4 Fruits Your Dog Can Eat—and 4 Fruits You Can’t Feed Them

4 Fruits Your Dog Can Eat—and 4 Fruits You Can’t Feed Them

The idea of making pet meals from scratch is an increasingly appealing idea to many pet owners these days, and for good reason. Many dog parents, in particular, have become much more critical of the quality of commercial dog food, and thus find making their own a viable alternative. Others own dogs with special health needs that are best addressed with food made especially for them. If you’ve found yourself considering switching over to homemade dog food for whatever reason, know that whipping up balanced meals for your dog and serving them up in customizable stainless steel dog bowls can be immensely rewarding for both you and your pup.

One thing to bear in mind about homemade dog food is that, though it might seem surprising to many, dogs are naturally omnivorous animals that benefit most from a diet rich in both meat and plant-based foods. Dogs often enjoy fruit just as much as their humans do, and many fruits also offer them a variety of health benefits, from aiding digestion to boosting their immune system.

However, on the flip side, certain fruits can be harmful and even toxic to dogs. Thus, before you feed your dog any fruit, it’s best to find out which kinds are dog-safe and which are best kept out of their bowl. Read through this handy guide by PrideBites to find out more.

Dog-Safe Fruits


An apple a day might not only keep the doctor away for you; it can also be beneficial for your dog. Besides being a fantastic source of vitamins A and C, apples are also high in fiber and thus help support healthy digestion. Their relatively low protein and fat content makes them an ideal snack for older dogs or those on a diet.

Just make sure that you cut out the seeds and core before giving any to your dog. Besides posing a choking hazard, apple seeds contain cyanide, which can be harmful in large quantities.


Bananas are a sweet treat that many dogs enjoy. They're rich in potassium, vitamins, biotin, fiber, and copper, all of which are great for a dog's overall health.

Due to their high sugar intent, however, bananas are best off given in moderation rather than treated as a staple of your dog’s diet. You can use them to add a bit of natural sweetness to your dog’s meal rather than resorting to artificial additives.


This type of melon is another excellent choice for your dog's diet, particularly during those hot summer days. Cantaloupe is low in calories and also packed with vitamins A and C, beta-carotene, and water. That makes it a hydrating and healthy snack that’s perfect for the warm season.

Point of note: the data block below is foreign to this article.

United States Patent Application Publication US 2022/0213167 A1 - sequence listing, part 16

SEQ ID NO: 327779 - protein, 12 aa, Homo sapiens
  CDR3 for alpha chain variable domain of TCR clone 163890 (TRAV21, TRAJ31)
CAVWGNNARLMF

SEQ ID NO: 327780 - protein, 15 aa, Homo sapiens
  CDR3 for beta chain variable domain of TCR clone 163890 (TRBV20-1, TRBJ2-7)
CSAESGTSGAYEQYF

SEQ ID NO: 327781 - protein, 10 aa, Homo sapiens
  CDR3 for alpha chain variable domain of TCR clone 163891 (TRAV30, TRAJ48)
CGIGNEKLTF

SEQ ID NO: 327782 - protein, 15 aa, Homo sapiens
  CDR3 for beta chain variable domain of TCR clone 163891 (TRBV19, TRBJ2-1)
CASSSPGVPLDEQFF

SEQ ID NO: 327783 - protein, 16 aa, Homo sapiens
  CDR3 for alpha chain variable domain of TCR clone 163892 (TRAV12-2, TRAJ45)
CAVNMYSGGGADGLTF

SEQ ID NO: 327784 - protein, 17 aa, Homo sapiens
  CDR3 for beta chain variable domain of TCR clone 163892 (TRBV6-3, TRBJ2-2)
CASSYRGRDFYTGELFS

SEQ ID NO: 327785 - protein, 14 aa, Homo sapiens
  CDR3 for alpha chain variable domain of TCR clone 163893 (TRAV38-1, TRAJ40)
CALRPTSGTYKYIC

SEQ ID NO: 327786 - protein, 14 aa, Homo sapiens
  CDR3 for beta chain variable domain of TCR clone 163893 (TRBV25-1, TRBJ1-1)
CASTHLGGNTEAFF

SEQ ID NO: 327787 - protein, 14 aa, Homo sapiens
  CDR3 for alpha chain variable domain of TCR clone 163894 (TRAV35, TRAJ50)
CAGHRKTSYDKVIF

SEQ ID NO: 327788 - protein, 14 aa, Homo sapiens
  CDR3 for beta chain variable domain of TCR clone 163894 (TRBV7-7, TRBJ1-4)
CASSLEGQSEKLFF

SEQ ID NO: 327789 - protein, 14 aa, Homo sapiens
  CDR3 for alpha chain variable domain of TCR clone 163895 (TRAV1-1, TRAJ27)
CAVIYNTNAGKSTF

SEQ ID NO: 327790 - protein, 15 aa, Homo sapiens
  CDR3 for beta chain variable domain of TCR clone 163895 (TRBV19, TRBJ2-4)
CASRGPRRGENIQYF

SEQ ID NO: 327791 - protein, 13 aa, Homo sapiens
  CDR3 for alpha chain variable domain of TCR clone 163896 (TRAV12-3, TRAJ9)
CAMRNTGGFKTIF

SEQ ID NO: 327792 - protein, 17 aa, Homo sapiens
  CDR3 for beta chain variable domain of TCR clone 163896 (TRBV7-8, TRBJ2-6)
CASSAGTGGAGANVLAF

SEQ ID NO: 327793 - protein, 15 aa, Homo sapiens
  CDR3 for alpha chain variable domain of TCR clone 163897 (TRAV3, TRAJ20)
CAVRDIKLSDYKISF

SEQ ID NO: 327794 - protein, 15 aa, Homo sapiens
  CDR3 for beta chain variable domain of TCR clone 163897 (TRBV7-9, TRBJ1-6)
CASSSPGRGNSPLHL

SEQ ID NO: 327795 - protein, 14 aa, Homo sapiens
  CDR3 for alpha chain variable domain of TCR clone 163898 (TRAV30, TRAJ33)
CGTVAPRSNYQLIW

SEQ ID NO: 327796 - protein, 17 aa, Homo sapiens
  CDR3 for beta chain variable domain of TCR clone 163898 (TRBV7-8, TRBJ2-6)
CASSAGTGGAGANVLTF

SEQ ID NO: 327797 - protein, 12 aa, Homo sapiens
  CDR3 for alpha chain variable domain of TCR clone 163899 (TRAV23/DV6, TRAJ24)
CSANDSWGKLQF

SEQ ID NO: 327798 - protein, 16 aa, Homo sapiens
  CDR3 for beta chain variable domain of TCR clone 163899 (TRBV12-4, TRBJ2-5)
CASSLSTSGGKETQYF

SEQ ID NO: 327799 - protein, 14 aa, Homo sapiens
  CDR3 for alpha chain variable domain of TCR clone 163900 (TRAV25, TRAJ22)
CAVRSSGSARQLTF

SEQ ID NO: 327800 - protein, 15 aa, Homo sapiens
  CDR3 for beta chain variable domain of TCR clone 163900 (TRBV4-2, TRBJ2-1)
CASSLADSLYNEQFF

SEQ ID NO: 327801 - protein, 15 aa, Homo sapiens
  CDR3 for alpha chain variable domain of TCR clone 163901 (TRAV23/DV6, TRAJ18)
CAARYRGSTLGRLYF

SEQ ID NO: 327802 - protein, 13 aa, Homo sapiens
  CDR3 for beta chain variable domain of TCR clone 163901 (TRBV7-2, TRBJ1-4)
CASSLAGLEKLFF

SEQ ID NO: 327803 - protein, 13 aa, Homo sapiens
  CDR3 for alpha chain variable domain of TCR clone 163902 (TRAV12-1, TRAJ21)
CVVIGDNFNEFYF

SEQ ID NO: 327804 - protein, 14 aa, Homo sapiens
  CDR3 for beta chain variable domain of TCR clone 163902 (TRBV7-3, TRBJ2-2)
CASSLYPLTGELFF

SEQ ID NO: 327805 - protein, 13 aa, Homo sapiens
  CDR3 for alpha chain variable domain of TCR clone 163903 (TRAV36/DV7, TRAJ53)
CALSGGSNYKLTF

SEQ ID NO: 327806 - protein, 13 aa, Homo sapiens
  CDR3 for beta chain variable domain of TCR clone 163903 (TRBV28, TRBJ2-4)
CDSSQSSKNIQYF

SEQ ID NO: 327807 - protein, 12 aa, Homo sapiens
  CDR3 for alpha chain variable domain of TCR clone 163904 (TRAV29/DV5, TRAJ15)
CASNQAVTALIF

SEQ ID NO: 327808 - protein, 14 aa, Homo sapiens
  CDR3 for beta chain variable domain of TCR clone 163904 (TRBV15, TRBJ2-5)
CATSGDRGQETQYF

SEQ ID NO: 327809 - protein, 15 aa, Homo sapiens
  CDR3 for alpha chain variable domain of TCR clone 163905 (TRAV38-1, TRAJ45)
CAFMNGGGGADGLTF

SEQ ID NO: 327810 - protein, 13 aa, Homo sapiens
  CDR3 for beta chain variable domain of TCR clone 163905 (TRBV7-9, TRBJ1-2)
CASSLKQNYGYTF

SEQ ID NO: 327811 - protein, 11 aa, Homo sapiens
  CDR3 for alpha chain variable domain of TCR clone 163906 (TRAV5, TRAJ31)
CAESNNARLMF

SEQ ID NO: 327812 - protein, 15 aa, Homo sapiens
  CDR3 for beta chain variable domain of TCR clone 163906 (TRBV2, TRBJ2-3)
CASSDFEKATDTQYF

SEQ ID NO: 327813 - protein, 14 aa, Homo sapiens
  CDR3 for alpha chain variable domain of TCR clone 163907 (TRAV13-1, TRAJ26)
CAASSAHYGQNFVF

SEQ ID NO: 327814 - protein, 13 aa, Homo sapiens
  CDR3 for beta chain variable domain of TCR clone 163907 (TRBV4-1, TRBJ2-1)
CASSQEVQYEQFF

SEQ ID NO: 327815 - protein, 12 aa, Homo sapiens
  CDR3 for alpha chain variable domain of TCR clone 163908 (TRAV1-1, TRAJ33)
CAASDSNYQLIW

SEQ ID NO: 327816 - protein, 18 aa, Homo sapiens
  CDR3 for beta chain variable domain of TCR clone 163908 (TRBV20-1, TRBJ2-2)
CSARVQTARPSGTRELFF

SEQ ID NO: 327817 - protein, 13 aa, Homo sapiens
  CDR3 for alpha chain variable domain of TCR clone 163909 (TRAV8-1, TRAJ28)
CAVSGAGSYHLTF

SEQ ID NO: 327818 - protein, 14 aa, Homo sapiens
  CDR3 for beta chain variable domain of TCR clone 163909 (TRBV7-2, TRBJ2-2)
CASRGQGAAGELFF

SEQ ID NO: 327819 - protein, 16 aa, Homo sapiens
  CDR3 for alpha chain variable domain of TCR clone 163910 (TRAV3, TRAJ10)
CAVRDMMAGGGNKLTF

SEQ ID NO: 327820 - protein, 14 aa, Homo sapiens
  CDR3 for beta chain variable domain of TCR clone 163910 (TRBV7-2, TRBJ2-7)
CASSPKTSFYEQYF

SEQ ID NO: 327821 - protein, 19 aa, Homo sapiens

Cantaloupe’s sweetness can be appealing to dogs, and its fiber content aids in digestion. Like bananas, though, you’ll want to use melon primarily as an occasional treat, especially if your dog is overweight.


Often termed a superfood for humans, blueberries hold the same esteemed status in the canine world. They are rich in antioxidants, which are crucial for your dog's overall health for their role in disease prevention and cell repair.

Blueberries are also a great source of fiber and vitamin C. Their small size makes them perfect training treats, and you can choose to serve them either fresh or frozen.

Fruits to Avoid

Grapes and Raisins

Grapes and raisins are a well-known danger to dogs, capable of causing acute kidney failure even in small quantities. The exact substance that causes this toxicity is unknown, but the impact can be severe.

Symptoms of grape or raisin poisoning include vomiting, lethargy, and, in severe cases, a sudden decline in kidney function. Avoid giving any product containing grapes or raisins to your dog and seek immediate veterinary attention if they accidentally consume any.


While the flesh of cherries may not be harmful, cherry pits, stems, and leaves all contain cyanide. Cyanide poisoning can interfere with cellular oxygen transport, which may eventually lead to oxygen deprivation.

Symptoms of cherry ingestion can include difficulty breathing, red gums, and dilated pupils. Keep any store-bought cherries out of your dog’s reach and ensure that they don’t have access to cherry trees or fallen cherries in your yard.


Avocados contain a fungicidal toxin known as persin. This substance can be poisonous to dogs if ingested in large amounts.

While the flesh of the avocado is less harmful, the pit, skin, and leaves of the avocado plant are highly toxic. Persin can cause vomiting, diarrhea, and heart congestion in dogs. In addition, the avocado pit poses a significant choking risk and may also obstruct the digestive tract if swallowed.

Citrus Fruits (Lemons, Limes, Grapefruit, etc.)

While small amounts of the flesh of citrus fruits might not be immediately harmful, the high levels of citric acid and essential oils in the skin, pith, and seeds can be. Ingesting these parts of citrus fruits can cause stomach upset in dogs, including vomiting and diarrhea.

In larger quantities, citrus can potentially lead to more serious issues like central nervous system depression. Keep your dog away from citrus fruits to avoid any potential health complications.


The guide above isn’t at exhaustive list, but all the same, we hope it provides a helpful starting point for incorporating fruits into your dog’s diet. It’s also always best to consult with your veterinarian before feeding your dog anything new. With thorough research and expert advice in hand, you should have no trouble putting together healthy and hearty homemade meals for your beloved pet, some of which can contain their favorite dog-safe fruits.